Chauncey Forward Black

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Chauncey F. Black
3rd Lieutenant Governor of Pennsylvania
In office
January 16, 1883 – January 12, 1887
Governor Robert E. Pattison
Preceded by Charles W. Stone
Succeeded by William T. Davies
Personal details
Born Chauncey Forward Black
(1839-11-24)November 24, 1839
York, Pennsylvania, U.S.
Died December 2, 1904(1904-12-02) (aged 65)
York, Pennsylvania, U.S.
Resting place Prospect Hill Cemetery, York, Pennsylvania, U.S.
Spouse(s) Mary Clarke Dawson Black
Children 4
Parents Jeremiah Sullivan Black
Mary Forward Black

Chauncey Forward Black (November 24, 1839 – December 2, 1904) was the third Lieutenant Governor of Pennsylvania from 1883 to 1887. He was an unsuccessful candidate for Governor of Pennsylvania in 1886.


Born in Glades, Pennsylvania on November 24, 1839, he was the son of justice for the Supreme Court of Pennsylvania, U.S. Attorney General and U.S. Secretary of State Jeremiah S. Black and Mary (Forward) Black, and the grandson of Representative Henry Black and Mary (Sullivan) Black. His maternal grandfather was Representative Chauncey Forward. He married Mary Clarke Dawson and they had four children.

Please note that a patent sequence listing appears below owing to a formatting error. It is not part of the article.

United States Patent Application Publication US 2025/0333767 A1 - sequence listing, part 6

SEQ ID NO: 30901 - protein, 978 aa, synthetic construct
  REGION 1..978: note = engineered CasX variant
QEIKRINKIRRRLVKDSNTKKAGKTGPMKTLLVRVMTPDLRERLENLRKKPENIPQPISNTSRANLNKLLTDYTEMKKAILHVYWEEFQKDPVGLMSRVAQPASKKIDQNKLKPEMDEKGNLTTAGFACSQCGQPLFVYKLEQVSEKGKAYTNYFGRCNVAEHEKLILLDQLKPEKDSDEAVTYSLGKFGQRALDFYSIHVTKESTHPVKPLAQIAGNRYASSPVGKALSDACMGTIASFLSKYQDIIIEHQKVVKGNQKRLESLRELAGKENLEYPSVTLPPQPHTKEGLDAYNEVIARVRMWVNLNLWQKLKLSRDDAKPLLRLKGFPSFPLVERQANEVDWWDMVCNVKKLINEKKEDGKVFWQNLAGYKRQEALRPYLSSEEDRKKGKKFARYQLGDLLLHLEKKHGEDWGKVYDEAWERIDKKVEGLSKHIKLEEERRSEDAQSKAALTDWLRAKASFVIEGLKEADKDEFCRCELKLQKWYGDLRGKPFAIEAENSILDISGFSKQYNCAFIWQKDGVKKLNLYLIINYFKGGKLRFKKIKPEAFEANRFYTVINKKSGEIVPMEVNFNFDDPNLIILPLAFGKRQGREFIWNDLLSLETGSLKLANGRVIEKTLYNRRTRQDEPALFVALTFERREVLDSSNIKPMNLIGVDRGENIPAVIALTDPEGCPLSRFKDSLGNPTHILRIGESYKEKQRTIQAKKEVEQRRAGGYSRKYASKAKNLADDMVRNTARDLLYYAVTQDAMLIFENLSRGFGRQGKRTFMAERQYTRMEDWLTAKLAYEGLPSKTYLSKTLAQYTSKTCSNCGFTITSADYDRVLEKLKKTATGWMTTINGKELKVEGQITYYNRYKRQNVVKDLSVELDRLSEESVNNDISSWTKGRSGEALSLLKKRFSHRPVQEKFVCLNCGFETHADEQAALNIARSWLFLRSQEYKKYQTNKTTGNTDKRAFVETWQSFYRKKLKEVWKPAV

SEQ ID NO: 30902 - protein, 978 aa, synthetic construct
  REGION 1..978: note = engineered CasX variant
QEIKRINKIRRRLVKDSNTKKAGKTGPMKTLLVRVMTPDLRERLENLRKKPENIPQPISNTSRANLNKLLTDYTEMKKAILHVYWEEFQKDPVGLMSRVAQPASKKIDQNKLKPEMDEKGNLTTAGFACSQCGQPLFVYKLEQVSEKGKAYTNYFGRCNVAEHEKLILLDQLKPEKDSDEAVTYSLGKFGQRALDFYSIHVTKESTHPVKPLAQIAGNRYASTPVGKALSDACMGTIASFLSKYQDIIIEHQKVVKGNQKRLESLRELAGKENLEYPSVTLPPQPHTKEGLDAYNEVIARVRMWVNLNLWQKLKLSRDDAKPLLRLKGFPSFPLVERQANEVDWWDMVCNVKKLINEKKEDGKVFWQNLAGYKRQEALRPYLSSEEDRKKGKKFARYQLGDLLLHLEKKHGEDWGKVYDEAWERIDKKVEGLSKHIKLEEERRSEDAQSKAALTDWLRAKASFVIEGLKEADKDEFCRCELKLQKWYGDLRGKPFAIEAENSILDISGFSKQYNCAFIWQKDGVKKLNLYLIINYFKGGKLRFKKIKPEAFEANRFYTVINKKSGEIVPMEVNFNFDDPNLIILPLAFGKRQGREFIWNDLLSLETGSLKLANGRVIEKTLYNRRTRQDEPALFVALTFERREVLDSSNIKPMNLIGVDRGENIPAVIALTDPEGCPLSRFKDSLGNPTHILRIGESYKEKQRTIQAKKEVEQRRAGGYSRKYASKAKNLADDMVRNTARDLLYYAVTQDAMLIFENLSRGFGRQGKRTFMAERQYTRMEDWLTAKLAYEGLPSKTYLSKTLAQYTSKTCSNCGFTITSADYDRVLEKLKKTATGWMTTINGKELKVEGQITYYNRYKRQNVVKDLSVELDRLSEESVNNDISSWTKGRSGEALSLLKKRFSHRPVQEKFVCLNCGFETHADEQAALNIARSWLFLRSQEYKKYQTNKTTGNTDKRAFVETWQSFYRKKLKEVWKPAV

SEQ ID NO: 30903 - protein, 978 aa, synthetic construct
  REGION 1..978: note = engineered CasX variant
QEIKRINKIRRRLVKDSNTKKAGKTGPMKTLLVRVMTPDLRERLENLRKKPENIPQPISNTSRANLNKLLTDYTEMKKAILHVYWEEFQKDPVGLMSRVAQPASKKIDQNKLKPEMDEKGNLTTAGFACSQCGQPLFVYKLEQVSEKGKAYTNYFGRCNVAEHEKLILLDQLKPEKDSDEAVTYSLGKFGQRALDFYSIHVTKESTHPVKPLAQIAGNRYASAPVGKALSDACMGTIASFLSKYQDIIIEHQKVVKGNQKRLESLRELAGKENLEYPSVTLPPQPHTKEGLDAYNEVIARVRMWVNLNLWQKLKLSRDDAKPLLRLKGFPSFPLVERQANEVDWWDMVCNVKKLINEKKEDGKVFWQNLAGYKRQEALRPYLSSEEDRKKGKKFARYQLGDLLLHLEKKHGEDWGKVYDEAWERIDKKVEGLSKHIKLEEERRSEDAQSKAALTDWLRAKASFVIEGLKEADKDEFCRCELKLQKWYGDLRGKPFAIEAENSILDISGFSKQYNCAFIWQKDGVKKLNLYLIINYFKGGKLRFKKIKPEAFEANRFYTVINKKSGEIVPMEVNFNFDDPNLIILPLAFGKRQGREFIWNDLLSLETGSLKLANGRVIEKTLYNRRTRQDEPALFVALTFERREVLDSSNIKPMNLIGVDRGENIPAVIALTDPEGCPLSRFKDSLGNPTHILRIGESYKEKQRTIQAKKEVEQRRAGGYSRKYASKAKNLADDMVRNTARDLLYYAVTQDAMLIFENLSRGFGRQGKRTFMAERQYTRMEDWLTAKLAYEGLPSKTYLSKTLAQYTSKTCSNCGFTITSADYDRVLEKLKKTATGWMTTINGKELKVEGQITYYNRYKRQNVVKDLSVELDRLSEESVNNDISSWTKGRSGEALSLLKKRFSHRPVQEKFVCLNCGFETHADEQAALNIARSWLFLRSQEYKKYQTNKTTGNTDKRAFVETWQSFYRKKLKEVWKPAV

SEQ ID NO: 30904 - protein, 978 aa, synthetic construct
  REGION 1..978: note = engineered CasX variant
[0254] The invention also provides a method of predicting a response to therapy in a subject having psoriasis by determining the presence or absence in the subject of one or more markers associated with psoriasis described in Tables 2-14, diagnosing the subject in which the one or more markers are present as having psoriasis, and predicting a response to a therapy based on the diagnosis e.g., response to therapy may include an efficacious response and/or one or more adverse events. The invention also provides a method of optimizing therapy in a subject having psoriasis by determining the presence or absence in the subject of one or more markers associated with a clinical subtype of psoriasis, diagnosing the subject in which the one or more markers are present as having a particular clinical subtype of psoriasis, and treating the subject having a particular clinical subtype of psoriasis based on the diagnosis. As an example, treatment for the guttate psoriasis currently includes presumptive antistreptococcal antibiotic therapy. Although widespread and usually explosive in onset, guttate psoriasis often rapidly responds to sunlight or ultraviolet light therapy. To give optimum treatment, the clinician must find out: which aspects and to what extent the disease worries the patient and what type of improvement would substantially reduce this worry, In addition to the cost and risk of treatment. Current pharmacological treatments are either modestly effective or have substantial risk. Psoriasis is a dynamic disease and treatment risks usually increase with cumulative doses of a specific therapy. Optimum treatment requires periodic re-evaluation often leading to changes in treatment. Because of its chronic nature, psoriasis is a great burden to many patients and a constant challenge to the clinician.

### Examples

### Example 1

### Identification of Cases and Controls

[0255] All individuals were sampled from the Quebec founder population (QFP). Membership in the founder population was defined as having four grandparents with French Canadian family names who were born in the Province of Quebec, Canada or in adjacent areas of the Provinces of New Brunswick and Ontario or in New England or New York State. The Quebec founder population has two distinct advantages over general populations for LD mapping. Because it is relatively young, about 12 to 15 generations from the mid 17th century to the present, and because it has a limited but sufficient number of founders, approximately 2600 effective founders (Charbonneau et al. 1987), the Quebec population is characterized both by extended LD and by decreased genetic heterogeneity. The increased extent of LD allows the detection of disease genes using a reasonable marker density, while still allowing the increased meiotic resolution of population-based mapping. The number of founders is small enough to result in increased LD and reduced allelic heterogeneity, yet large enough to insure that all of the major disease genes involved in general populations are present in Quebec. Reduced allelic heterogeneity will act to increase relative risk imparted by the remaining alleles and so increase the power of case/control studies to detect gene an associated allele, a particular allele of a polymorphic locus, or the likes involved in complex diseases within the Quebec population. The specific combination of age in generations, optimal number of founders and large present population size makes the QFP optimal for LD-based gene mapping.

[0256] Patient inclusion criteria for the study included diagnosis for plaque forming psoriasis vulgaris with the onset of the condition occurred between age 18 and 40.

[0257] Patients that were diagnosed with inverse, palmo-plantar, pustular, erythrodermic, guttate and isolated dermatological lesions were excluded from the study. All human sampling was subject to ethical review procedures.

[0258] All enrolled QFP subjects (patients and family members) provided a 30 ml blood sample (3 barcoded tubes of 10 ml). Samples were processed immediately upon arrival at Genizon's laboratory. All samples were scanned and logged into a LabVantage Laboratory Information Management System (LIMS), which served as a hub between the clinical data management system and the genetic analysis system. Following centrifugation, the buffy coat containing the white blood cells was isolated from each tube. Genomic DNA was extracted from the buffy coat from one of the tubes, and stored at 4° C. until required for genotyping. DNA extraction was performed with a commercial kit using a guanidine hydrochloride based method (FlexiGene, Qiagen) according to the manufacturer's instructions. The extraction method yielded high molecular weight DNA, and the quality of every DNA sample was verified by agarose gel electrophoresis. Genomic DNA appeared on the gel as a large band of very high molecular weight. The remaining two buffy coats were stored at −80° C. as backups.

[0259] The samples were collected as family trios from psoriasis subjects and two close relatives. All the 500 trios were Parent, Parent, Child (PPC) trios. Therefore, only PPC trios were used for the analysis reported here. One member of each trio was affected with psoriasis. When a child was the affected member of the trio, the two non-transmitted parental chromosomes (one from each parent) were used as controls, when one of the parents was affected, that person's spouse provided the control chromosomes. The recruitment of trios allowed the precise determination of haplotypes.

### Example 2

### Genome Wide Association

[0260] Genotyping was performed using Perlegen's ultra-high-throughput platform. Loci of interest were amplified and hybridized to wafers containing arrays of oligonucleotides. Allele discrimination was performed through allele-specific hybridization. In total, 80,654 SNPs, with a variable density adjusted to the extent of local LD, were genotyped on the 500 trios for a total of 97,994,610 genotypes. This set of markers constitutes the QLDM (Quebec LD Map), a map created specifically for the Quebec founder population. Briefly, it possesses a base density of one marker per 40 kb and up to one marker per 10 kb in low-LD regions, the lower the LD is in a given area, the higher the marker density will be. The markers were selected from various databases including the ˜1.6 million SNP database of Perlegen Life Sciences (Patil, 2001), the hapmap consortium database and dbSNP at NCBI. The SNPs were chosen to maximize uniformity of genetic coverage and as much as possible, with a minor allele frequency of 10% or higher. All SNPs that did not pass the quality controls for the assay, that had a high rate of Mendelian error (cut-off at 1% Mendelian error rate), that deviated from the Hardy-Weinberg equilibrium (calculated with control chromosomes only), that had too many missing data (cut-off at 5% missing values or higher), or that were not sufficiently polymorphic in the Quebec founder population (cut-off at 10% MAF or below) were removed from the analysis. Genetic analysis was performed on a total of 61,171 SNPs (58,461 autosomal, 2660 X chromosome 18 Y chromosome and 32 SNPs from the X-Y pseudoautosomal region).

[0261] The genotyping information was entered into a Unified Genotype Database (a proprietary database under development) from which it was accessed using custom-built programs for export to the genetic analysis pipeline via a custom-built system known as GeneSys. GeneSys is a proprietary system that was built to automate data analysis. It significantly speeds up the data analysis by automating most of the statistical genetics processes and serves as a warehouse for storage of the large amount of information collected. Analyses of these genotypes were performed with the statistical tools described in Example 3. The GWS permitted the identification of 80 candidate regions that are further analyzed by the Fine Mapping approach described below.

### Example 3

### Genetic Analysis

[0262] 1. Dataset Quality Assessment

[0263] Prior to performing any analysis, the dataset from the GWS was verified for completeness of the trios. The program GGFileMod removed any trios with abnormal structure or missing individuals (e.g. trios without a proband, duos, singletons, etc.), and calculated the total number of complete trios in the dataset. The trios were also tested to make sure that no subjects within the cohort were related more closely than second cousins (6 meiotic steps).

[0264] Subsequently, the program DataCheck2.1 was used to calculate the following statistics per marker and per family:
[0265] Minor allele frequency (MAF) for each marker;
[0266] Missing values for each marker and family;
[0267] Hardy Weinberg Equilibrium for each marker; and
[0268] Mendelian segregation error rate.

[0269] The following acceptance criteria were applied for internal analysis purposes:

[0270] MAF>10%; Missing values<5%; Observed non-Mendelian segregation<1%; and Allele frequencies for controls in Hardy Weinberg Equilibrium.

Black was educated at Hiram College, where he met and developed a close personal friendship with future president James Garfield. He later attended Washington & Jefferson College. Black entered the field of journalism, where he wrote primarily for The New York Sun. Black was also an author best known for ghostwriting a biography of Abraham Lincoln for his bodyguard Ward Hill Lamon titled The Life of Abraham Lincoln; from his Birth to his Inauguration as President published in 1872.[1] Because of his reformist zeal, Black was chosen to run on the ticket of Robert E. Pattison in 1882. He served as Lieutenant Governor of Pennsylvania from 1883 to 1887.

Chauncey Forward Black died in York, Pennsylvania, on December 2, 1904, at the age of 65. He was buried in Prospect Hill Cemetery, York, Pennsylvania.


  1. ^ John Hoffmann | Review Essay | Journal of the Abraham Lincoln Association, 28.2 | The History Cooperative Archived May 5, 2008, on Wayback Machine. at

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Political offices
Preceded by
Charles W. Stone
Lieutenant Governor of Pennsylvania
Succeeded by
William T. Davies